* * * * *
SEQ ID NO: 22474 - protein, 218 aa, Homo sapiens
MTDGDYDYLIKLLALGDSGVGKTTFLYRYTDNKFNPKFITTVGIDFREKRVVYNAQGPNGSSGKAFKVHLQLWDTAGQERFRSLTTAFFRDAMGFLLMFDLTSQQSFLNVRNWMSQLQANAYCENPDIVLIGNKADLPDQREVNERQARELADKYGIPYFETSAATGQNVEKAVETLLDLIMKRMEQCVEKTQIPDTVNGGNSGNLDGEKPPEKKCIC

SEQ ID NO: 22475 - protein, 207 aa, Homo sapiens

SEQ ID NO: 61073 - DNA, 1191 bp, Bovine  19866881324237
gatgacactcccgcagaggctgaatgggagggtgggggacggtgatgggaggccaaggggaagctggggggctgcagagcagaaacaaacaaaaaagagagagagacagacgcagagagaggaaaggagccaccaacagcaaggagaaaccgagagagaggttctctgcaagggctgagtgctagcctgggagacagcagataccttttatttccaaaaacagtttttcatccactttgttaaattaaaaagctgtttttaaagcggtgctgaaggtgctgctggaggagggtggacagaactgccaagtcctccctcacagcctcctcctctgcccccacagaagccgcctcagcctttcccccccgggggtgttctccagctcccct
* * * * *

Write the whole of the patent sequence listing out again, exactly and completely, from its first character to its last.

SEQ ID NO: 22474 - protein, 218 aa, Homo sapiens
MTDGDYDYLIKLLALGDSGVGKTTFLYRYTDNKFNPKFITTVGIDFREKRVVYNAQGPNGSSGKAFKVHLQLWDTAGQERFRSLTTAFFRDAMGFLLMFDLTSQQSFLNVRNWMSQLQANAYCENPDIVLIGNKADLPDQREVNERQARELADKYGIPYFETSAATGQNVEKAVETLLDLIMKRMEQCVEKTQIPDTVNGGNSGNLDGEKPPEKKCIC

SEQ ID NO: 22475 - protein, 207 aa, Homo sapiens

SEQ ID NO: 61073 - DNA, 1191 bp, Bovine  19866881324237
gatgacactcccgcagaggctgaatgggagggtgggggacggtgatgggaggccaaggggaagctggggggctgcagagcagaaacaaacaaaaaagagagagagacagacgcagagagaggaaaggagccaccaacagcaaggagaaaccgagagagaggttctctgcaagggctgagtgctagcctgggagacagcagataccttttatttccaaaaacagtttttcatccactttgttaaattaaaaagctgtttttaaagcggtgctgaaggtgctgctggaggagggtggacagaactgccaagtcctccctcacagcctcctcctctgcccccacagaagccgcctcagcctttcccccccgggggtgttctccagctcccct